At SFT's Art Auction held sometime ago, in Chinatown of all places, there were several pieces of art that pulled at my heart. One that was very very cool and creative was Tenzin Mochoe's piece: a sculpture of a map of Tibet made up of little wax candles. Mochoe described the piece as a melding together of the political and the religious- the map of Tibet with the candles symbolizing butter lamps that we light in temples; and he stressed that with the lighting of the lamps, the act of creation, of making the map come alive with fire, simultaneously becomes an act of destruction- as the candles light, the wax melts and the map blurs.
I thought this was brilliant. A map of Tibet is always highly political, especially a map of Tibet as we conceive it, with borders around the three historical provinces of Tibet and the plateau itself as one political entity (just as it is one geological unit). Here, this map, the highly political and usually secular entity, becomes spiritual and sacred. And how does it become sacred? Not by sitting there as a piece of art, but because people -the audience- light the candles as an offering, which act, when you think about it, is really the performance of a wish fulfulling ritual. You make the wish, and you light the lamp to mark its making. With the lighting of the lamps made of candles, you are complicit in the creation and the destruction and the sanctification of this map of Tibet made of lamps.
I had a chance at Garrison Institute in upstate New York to thank His Holiness. This was in front of a hundred Tibetan professionals who had gathered there for the three-day Tibetan Professionals' Conference. The Conference itself was crazy and inspiring and very very hectic for Tsewang la and me. But more on the conference later. For me, of course, the moment that stands out is when I got to thank His Holiness. I was to thank him for being there. But of course I had to thank His Holiness for so much more than that. Obviously we owe His Holiness everything- the strength of our identity, the unity of our people, our image, our platform, our place in the world. Displaced as we are, we are not invisible and that is because of His Holiness. Anyway this is my thank you note, or address, or whatever that I read in front of His Holiness and the audience of Tibetan professionals at Garrison Institute, Monday, October 5.
Tashi Delek, Your Holiness, and good afternoon to all. On behalf of the Office of Tibet, I would like to once again thank all the participants and speakers for being here and Garrison Institute for providing us with this wonderful space.
On behalf of all the Tibetans, and all the youth and professionals gathered here, I would like to express my deepest gratitude to Your Holiness for meeting with us in spite of your most hectic schedule.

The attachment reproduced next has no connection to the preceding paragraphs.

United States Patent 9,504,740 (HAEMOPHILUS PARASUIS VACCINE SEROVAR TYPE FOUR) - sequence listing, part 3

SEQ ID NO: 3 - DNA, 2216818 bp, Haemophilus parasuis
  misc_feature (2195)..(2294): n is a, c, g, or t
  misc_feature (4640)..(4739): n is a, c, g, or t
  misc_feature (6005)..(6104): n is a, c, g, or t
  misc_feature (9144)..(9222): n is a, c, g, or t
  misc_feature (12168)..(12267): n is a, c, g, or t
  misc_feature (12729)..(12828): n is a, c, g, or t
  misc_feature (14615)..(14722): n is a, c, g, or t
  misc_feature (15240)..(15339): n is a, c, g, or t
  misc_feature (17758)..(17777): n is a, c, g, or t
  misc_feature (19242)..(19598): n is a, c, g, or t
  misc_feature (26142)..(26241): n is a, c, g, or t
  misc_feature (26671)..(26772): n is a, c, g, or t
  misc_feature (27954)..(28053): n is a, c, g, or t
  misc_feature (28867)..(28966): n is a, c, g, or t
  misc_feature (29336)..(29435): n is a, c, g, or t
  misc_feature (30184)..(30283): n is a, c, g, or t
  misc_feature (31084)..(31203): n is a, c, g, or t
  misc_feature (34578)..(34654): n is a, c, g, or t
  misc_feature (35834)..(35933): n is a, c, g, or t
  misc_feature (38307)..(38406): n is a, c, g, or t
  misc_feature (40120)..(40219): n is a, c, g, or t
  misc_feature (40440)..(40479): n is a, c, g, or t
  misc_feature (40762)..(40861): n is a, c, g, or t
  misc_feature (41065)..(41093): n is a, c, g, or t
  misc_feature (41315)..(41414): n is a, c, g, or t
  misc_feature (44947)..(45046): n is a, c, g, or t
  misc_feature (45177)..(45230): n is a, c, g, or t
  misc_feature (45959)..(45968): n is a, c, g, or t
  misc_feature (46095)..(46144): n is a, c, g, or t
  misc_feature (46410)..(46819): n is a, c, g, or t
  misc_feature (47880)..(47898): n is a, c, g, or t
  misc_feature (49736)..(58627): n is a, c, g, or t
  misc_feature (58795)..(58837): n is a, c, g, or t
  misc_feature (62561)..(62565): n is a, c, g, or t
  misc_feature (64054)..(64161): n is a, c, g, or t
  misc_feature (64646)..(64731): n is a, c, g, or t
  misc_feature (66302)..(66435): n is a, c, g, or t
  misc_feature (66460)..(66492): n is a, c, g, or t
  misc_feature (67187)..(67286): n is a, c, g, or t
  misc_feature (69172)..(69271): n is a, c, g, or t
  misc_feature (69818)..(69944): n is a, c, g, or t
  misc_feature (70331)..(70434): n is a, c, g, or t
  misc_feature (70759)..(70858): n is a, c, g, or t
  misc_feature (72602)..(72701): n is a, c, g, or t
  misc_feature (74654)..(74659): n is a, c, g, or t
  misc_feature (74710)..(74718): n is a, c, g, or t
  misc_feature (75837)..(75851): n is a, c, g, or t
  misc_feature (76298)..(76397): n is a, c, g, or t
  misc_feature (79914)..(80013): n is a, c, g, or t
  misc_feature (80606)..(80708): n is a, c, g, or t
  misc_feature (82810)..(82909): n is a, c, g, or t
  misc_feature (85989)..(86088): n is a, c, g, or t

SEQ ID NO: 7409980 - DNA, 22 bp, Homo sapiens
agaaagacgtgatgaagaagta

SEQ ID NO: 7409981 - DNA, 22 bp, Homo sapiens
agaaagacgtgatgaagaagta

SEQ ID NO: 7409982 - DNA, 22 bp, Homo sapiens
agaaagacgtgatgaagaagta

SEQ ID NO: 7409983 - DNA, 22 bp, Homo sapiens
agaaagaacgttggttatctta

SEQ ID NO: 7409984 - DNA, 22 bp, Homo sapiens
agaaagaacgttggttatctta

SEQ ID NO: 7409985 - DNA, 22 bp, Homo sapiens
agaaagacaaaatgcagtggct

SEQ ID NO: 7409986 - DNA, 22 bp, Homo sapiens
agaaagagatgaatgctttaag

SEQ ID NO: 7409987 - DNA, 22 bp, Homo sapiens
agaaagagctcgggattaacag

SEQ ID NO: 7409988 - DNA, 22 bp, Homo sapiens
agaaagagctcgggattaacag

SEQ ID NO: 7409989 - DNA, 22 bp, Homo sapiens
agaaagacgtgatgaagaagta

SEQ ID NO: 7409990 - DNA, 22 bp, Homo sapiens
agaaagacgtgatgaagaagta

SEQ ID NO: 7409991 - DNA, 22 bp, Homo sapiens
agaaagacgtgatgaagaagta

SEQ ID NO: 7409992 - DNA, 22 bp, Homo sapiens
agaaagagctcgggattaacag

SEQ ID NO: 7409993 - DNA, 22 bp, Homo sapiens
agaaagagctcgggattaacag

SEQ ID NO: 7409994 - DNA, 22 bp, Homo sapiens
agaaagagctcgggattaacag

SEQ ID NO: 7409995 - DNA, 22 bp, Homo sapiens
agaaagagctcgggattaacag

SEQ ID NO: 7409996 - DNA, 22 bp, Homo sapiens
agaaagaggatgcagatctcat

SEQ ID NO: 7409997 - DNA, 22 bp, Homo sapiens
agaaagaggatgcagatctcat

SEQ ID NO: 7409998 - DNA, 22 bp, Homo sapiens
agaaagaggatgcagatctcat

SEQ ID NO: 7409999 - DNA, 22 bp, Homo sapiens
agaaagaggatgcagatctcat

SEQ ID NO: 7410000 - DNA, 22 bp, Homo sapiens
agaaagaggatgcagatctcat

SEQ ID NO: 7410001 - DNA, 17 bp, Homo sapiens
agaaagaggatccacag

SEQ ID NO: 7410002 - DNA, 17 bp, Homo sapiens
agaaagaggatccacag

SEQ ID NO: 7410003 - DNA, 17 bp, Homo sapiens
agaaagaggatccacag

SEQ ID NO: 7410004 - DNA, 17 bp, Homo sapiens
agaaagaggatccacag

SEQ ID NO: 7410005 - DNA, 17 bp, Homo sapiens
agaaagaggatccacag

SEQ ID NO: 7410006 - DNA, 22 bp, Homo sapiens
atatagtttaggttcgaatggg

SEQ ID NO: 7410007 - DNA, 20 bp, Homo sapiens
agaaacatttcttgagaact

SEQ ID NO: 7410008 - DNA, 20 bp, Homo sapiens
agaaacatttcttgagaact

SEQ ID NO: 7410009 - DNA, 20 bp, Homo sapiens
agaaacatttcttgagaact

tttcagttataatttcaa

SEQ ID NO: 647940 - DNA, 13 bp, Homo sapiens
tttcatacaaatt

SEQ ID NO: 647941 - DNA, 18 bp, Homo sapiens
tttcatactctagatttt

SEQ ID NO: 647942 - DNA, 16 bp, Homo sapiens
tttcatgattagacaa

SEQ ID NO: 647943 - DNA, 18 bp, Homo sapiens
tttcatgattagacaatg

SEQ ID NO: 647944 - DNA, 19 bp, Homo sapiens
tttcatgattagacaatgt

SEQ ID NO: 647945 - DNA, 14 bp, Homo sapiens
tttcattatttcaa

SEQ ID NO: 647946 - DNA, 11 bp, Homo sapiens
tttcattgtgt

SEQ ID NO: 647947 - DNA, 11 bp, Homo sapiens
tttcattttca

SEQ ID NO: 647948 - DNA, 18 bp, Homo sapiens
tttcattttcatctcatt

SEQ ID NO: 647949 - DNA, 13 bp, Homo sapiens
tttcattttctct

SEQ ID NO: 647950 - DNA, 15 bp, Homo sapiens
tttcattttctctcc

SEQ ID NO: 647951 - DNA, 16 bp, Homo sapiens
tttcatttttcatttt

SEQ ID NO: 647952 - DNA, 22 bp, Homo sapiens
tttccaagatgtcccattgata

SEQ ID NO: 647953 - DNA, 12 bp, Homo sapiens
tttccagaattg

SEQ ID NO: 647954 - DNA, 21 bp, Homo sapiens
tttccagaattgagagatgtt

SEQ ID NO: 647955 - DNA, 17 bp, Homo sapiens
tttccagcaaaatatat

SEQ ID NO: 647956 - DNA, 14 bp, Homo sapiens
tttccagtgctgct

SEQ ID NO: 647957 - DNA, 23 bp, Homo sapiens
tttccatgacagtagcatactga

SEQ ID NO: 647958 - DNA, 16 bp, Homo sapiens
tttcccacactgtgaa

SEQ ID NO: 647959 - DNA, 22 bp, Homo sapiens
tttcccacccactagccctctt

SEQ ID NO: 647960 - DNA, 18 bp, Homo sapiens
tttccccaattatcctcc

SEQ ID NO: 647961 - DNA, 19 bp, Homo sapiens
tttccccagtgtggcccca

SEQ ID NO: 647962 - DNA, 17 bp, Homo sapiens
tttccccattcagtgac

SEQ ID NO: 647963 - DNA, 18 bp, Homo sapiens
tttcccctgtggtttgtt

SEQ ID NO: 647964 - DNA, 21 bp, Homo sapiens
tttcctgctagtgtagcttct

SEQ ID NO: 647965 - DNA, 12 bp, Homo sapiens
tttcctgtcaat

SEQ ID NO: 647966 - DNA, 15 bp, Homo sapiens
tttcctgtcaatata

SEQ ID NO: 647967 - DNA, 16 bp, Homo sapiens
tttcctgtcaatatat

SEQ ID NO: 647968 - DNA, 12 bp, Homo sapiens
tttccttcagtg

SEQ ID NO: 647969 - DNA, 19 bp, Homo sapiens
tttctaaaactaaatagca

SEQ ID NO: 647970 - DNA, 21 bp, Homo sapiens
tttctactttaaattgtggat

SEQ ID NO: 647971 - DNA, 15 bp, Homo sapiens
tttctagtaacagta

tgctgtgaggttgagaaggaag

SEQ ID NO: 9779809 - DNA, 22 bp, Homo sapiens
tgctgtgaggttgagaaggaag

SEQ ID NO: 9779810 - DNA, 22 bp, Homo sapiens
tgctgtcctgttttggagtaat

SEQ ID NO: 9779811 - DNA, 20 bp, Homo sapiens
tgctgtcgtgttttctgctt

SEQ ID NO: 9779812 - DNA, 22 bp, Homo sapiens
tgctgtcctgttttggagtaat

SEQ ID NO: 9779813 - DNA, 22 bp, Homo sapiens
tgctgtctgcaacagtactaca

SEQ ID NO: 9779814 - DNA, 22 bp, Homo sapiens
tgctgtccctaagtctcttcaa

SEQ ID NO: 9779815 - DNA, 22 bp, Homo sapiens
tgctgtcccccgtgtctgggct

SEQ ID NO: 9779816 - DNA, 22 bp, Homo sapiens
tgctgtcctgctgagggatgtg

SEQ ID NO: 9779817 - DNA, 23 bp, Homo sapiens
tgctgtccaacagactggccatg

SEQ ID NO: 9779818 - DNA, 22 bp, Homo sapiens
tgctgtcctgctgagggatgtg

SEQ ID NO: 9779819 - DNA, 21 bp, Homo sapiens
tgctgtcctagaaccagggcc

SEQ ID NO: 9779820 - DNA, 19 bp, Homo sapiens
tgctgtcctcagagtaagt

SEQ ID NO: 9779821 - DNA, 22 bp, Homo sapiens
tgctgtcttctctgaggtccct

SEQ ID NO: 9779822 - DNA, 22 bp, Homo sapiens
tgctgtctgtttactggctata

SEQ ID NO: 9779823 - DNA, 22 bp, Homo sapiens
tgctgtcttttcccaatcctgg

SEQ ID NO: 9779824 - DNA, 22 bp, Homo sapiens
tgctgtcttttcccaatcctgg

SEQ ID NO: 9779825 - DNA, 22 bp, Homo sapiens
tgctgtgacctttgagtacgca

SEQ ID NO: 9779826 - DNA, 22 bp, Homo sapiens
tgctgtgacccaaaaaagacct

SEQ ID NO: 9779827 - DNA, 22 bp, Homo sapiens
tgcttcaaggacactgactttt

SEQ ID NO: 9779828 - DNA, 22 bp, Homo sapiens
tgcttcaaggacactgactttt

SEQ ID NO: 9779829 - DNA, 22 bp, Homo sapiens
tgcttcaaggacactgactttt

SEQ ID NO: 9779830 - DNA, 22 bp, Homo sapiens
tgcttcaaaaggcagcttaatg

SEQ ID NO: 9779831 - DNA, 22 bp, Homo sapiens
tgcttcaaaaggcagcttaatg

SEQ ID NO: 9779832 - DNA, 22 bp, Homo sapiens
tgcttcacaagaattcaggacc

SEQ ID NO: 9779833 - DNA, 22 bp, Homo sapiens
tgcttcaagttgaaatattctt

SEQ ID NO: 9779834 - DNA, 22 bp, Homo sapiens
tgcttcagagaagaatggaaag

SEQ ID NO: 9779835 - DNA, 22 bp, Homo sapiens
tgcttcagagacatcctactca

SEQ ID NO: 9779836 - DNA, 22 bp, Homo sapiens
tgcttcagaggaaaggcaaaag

In the past fifty years, we were forced to cross the highest mountains to go into exile, and from that exile we crossed oceans to go into an even further exile. We live on other nations’ charity, on other people’s good will and conscience, but we have dignity and we have strength because when we lift our gaze up, we see you.
Many of us here in this room are more fortunate and privileged than most of our countrymen. We believe that there is no further exile. From here on, every step must be a step home. Our parents’ generation suffered and sacrificed for the cause of our nation. I assure Your Holiness that we will continue to do the same, with courage and resilience, to realize the vision of a Tibet where Tibetans can live in peace and prosperity and freedom. Thank you.
60 years ago yesterday, Chairman Mao chased Chiang Kaishek off the Middle Kingdom, surveyed his fiefdom of Long March survivors, youthful yet-to-be-disillusioned Communists and a war-weary people, and proclaimed the People's Republic of China. After that, Mao and his Army proceeded to invade and occupy Tibet, East Turkestan, Inner Mongolia. That wasn't all. He also launched a drastic social and agricultural experiment called the Great Leap Forward which caused large-scale famine across China (and of course across Tibet and the other occupied territories) and killed tens of millions of people. Then of course he jump started the Cultural Revolution - not for ideological reasons as some people may like to think but because of petty power struggles with his comrades Liu Shaoqi and others in the Politburo. Now Mao is dead but his totalitarian regime lives marching on.
Yesterday, in an astoundingly stupid move, the owners and managers of the Empire State Building in New York -W and H Properties- lit the building red and yellow in celebration of the 60 Year Anniversary of the founding of the PRC. What were they thinking? Not only is it immoral and shameful to honor a government and a state that jails, tortures and kills people for expressing dissent, but it's unbelievably bad public relations.
Of course we came out to protest. And of course, in today's papers, every mention of the Empire State Building's cloaking itself in red bloody light emphasized the protests and the Tibetan reaction.
So really- for us? Win-win. The Empire State Building selling its soul gave the Tibetans a platform to protest the anniversary of the Politburo's Republik of China.